Hastie, Chief Judge, and Seitz and Aldisert, Circuit Judges.
A judgment of $270,982 was entered on a jury verdict against appellant shipowner and in favor of appellee, a longshoreman who sustained personal injury while loading a ship in port. The jury accepted appellee's contention that his injury was caused by the unseaworthy condition of the vessel and by the failure of the shipowner to provide a safe place to work.*fn1
Appellant concedes the severity of the injury: appellee suffered herniated discs in his back; only one was corrected by surgery, while the other caused continuing disability. Past loss of earnings amounted to $28,000, medical expenses totaled $3,000, and loss of future earning power over a projected 28 year period approximated $100,000. Appellant contends, however, that the verdict was tainted, and excessive, because the jury (1) failed to adhere to the court's instructions, (2) rendered its verdict under the influence of passion and prejudice purposely induced by appellee's counsel, and (3) deliberated under the mistaken impression that the award would be subject to federal income tax obligations.
The first assignment of error relates to an incident that occurred in the courtroom at the time the verdict was received. The jury had been given special written interrogatories which, together with the replies, were handed by the forelady to the deputy marshal for transmittal to the court. In submitting the interrogatories, however, the forelady inadvertently included two sheets of paper containing certain written matter. It is conceded that these papers were not a part of the jury's verdict and probably constituted scratch paper utilized by the forelady or others during deliberations in the jury room. The trial judge notified counsel that "these papers had inadvertently come into my possession and that I had glanced at them and seen some figures which would cause me to wonder whether they [the jury] had followed the Court's instructions precisely." Subsequently, the court declared: "Upon further reflection I think that what I did was improper in looking at what the jury did, and rather than compound that error, I have impounded these papers. * * * I happen to know, by that inadvertent glance at that piece of paper, how they arrived at [the verdict]. I shall have to do my best to wipe clean from my mind that information which I now have in my head. * * *"
Appellant then moved for a new trial, grounding its motion on the theory that a new trial should be granted when it is apparent that the jury has not followed the court's instructions on damages. Although we do not quarrel with this statement of the controlling abstract principle, the circumstances here preclude our reaching this question. Neither a trial court nor an appellate court has the authority to inquire into the jury's decisional processes, even when information pertaining to the deliberations is volunteered by one of the jurors. "After reception of the verdict and discharge of the jury, testimony of jurors should be incompetent, under the no-impeachment rule * * *, to illuminate the suspicion [of a failure to follow instructions] by inquiring into their mental processes." 6A Moore's Federal Practice § 59.08 , at 3804.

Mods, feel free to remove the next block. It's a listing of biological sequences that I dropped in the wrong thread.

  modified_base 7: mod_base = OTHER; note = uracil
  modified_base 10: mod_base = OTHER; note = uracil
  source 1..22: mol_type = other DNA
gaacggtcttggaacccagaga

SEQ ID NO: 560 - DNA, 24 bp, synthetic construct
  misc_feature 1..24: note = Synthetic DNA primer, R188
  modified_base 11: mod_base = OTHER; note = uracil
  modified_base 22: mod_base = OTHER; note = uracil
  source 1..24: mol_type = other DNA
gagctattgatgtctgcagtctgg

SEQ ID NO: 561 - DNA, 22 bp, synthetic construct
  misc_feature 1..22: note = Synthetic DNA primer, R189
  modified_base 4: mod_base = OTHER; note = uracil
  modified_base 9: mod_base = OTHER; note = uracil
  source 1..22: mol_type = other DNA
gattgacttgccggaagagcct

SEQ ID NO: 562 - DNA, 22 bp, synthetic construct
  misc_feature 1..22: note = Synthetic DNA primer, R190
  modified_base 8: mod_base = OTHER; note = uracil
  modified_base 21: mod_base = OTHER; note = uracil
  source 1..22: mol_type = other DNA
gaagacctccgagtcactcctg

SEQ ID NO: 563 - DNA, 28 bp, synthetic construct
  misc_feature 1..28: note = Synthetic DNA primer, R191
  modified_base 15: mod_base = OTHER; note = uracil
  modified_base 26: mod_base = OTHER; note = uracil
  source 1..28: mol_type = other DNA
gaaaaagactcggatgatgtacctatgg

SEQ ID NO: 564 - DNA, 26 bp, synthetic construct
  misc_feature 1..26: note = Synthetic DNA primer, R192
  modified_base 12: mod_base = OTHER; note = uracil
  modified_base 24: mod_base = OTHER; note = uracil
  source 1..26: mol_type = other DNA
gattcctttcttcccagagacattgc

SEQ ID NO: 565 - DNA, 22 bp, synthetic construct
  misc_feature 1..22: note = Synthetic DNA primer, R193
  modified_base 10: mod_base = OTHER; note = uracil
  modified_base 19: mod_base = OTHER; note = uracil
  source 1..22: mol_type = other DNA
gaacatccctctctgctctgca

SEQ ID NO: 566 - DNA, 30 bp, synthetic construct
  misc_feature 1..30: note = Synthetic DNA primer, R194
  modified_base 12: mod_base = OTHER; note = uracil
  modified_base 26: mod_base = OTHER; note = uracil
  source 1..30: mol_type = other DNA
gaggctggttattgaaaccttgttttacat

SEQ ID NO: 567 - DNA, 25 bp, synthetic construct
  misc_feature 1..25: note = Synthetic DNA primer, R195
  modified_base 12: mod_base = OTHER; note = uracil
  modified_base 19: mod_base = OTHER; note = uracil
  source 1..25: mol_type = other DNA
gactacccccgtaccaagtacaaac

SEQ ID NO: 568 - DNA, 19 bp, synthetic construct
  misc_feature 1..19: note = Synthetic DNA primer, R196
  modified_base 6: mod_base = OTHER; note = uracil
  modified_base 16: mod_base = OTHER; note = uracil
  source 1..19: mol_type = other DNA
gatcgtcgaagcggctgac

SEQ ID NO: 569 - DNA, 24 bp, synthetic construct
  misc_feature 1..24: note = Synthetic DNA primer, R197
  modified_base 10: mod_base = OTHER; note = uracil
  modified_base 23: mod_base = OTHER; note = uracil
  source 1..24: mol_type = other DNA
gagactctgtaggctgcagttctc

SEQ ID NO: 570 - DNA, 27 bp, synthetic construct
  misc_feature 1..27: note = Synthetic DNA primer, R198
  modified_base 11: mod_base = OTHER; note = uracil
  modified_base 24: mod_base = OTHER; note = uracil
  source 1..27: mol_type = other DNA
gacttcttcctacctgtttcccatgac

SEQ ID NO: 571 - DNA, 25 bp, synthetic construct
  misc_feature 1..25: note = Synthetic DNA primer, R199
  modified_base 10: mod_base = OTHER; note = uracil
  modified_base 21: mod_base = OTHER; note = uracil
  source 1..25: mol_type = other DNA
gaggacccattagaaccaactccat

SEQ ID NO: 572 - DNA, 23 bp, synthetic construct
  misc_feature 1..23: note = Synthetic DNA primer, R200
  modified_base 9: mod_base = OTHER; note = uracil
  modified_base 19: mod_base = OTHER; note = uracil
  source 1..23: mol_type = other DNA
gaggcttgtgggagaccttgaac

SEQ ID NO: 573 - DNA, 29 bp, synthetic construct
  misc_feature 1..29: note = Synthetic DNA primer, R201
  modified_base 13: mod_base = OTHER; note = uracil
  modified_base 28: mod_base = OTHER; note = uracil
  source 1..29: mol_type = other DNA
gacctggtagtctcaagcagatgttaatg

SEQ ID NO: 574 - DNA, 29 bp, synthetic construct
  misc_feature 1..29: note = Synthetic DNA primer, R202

Long settled considerations of public policy dictate "that mistake of the testimony, misapprehension of the law, error in computation, irregular or illegal methods of arriving at damages, unsound reasons or improper motives, misconduct during the trial or in the Jury Room, cannot be shown by the evidence of the jurors themselves, as the ground of disturbing the verdict, duly rendered," Capen v. Stoughton, 82 Mass. (16 Gray) 364, 366 (1860).*fn2 The sound justification for the concept that "[such] matters all inhere in the verdict itself," Chicago, R.I. & Pac. RR v. Speth, 404 F.2d 291, 295 (8 Cir. 1968), is the salutary desire to protect participants in the jury system from being "harassed and beset by the defeated party. * * * If evidence [obtained from jurors] could be thus used, the result would be to make what was intended to be a private deliberation, the constant subject of public investigation -- to the destruction of all frankness and freedom of discussion and conference." McDonald v. Pless, 238 U.S. 264, 267-268, 35 S. Ct. 783, 784, 59 L. Ed. 1300 (1915). In short, the district court, 312 F. Supp. 374, properly concluded that the information to which he accidentally became privy was incompetent to provide a basis for a finding that the jury failed to adhere to the court's instructions.
Appellant also insists that a new trial should be granted due to the prejudice allegedly created when appellee's counsel suggested that the shipowner would have recourse against any third party responsible for the unseaworthy condition of the ship. Upon objection, the court instructed the jury to "ignore" such remarks: "Members of the jury, you are trying one law suit. You are not here to determine whether the ship has any rights against anybody else." The court previously had told the jury: "You are here to try the case of Marion Domeracki against the Humble Oil and Refining Company. That is the only case you are here to try. Whatever reference may have been made to other litigation, just disregard it. This is the case you are here to try, you are sworn to try, and this is the only one I want you to consider." We are satisfied that these cautionary statements were adequate and that no prejudicial error resulted.
We also find no merit in appellant's additional contention that the jury was improperly influenced by an oblique reference during appellee's closing argument to the financial capacity of Humble Oil.*fn3 See United States v. Socony-Vacuum, 310 U.S. 150, 237-242, 60 S. Ct. 811, 84 L. Ed. 1129 (1939). In any case, appellant registered no timely objection to the remark.*fn4 Id. at 239, 60 S. Ct. 811. See Fed.R.Civ.Pro. 46.
Appellant submitted, and the district court refused, the following ...